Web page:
Las Vegas has been slowly bouncing back from the financial crisis, benefiting from generally higher overall economic activity. According to the Las Vegas Convention and Visitors Authority, visitors to Sin City totaled 39.7 million in 2012, finally eclipsing the previous high in 2007.
A big recipient of the higher traffic has been MGM Resorts International (NYSE:MGM), owner of nearly half of the resorts on the strip, including Bellagio, MGM Grand, and Mandalay Bay. The company's financial results have been on the upswing and investors have taken notice, bidding the stock price up sharply over the past year. With more states clamoring for gaming outlets and tax revenue, is this the best way to play the sector?
What's the Value?
MGM Resorts is the king of Las Vegas, having spent years building and buying trophy properties, like the Bellagio and MGM Grand. Its pre-crisis, ill-timed bet on Vegas with its massive CityCenter project, however, saddled the company with a large debt load and unsold hotel-condo unit inventory that almost did it in. Fortunately, MGM Resorts' wise move into China almost a decade ago proved to be its saving grace, as strong revenue growth and a rising value of its China unit allowed the company to slowly refinance its debts and wait for occupancy levels to improve in its domestic markets.
In FY2013, MGM Resorts has reported top-line growth, with revenue up 4.8%, led by double-digit gains in its China unit. The company's domestic operations, however, have generated minimal growth due to flat customer traffic and occupancy levels versus the prior-year period. More importantly, the company's current customer base is not incrementally increasing its spending on non-casino products and services, curtailing a source of growth and high-margin income that accounts for roughly 45% of total revenue.
Better Positioned Domestic Plays
While MGM Resorts has been trying to open properties in newer domestic markets like Massachusetts and Maryland, its only major non-Nevada presence is a small portfolio of properties in Michigan, Mississippi, and Illinois. A better sector investment angle would be with the less well-known operators that are benefiting from the growth of gaming across the heartland, no doubt due to the potential tax windfalls.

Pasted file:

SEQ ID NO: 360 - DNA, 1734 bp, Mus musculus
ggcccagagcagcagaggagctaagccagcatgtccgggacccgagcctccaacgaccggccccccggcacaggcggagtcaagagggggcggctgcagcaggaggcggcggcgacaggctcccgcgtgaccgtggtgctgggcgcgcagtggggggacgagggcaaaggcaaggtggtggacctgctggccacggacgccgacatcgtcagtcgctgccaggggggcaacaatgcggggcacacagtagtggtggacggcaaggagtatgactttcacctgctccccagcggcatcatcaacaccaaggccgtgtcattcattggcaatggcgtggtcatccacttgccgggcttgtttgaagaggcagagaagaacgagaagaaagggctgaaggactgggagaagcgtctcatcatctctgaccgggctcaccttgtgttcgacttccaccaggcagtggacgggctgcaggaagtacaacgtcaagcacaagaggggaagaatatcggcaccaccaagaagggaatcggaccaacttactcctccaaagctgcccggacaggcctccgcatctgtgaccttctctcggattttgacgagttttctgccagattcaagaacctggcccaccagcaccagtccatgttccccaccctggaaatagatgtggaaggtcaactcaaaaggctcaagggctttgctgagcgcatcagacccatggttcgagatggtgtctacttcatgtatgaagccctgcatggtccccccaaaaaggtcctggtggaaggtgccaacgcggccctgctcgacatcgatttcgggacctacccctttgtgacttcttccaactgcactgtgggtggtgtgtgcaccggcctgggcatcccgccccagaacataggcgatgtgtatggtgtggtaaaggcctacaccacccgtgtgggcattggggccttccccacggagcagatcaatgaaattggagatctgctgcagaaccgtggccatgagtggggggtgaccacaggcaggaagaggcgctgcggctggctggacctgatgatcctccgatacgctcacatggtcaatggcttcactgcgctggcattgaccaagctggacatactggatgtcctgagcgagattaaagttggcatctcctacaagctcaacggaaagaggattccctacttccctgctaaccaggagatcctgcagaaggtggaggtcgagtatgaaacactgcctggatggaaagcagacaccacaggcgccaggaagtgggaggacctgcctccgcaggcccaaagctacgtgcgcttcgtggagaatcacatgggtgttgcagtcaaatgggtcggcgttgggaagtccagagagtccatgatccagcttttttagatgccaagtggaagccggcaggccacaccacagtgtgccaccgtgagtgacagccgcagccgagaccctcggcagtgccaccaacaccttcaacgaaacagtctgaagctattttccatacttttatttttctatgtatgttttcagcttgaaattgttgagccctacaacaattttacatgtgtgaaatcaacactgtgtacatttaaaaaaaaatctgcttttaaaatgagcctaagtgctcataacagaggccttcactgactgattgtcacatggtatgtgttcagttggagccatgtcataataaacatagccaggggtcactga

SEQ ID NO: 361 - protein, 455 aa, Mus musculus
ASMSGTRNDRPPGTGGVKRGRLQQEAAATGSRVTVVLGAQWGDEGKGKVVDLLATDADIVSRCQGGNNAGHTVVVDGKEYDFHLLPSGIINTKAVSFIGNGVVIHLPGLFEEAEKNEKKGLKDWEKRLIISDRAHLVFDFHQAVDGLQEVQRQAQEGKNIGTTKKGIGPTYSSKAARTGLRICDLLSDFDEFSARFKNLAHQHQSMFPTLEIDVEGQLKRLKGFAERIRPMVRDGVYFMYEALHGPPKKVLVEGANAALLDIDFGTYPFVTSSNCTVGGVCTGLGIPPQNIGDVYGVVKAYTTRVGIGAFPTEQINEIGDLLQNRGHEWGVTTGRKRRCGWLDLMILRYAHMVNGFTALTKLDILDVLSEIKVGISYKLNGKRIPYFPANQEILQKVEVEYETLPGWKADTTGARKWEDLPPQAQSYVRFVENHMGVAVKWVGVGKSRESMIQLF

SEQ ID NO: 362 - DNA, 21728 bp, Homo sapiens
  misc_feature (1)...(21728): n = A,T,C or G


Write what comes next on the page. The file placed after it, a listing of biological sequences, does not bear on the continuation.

A case in point is Pinnacle Entertainment (NASDAQ:PNK), a small operator of casinos in Midwestern markets, including St. Louis and New Orleans. The company has been in acquisition mode lately, highlighted by its recently completed purchase of Ameristar Casinos, which added exposure to new markets like metro Chicago and Kansas City, Mo.
In FY 2013, Pinnacle has reported solid top-line growth, up 6.2%, aided by the late 2012 opening of its latest property in Baton Rouge, La. Its operating margin, however, slipped due to lower per- casino revenue across its older properties as new casinos continue to get approved and constructed in its geographic markets. The combination with Ameristar, though, effectively doubles the company's operating network and should provide cost savings and a lower exposure to the state of Louisiana, the current source of more than half of the company's revenue.
An even more interesting play is Penn National Gaming (NASDAQ:PENN), a similarly situated gaming company with a large Midwestern presence, as well as a sizable East Coast operation. The company has been an active participant in the growth of gaming across the country, opening two casinos in Ohio and one casino in Kansas in 2012. As a kicker, Penn National is in the midst of spinning off most of its real property assets into a real estate trust, which should provide a stronger capital base and a vehicle for future acquisitions.
In FY 2013, Penn National has likewise reported top-line growth, up 7.7%, as it has gained from a ramp-up in revenue at its Ohio properties as well as a positive bump from the acquisition of Harrah's St. Louis in late 2012. In addition, the company has benefited from an expansion of higher-margin table games in certain markets, including Maine and Maryland. More importantly, Penn National's solid profitability and cash flow are providing the capital to pursue growth opportunities, like its recent agreement to build its first casino in California.
The Bottom Line
Legislatures across the country, from Texas to Kentucky, have found a dependable cash machine in the taxation of casinos and they are trying to get voters to approve new licenses as fast as possible. While MGM Resorts' recent results show that it is out of the infirmary, it is playing catch up in the growth of gaming outside of Las Vegas. Investors would be better off with the smaller operators that are at the forefront of the growth wave with a diversified property portfolio, like Pinnacle and Penn National.
Robert Hanley owns shares of Penn National Gaming. The Motley Fool has no position in any of the stocks mentioned. Try any of our Foolish newsletter services free for 30 days. We Fools may not all hold the same opinions, but we all believe that considering a diverse range of insights makes us better investors. The Motley Fool has a disclosure policy.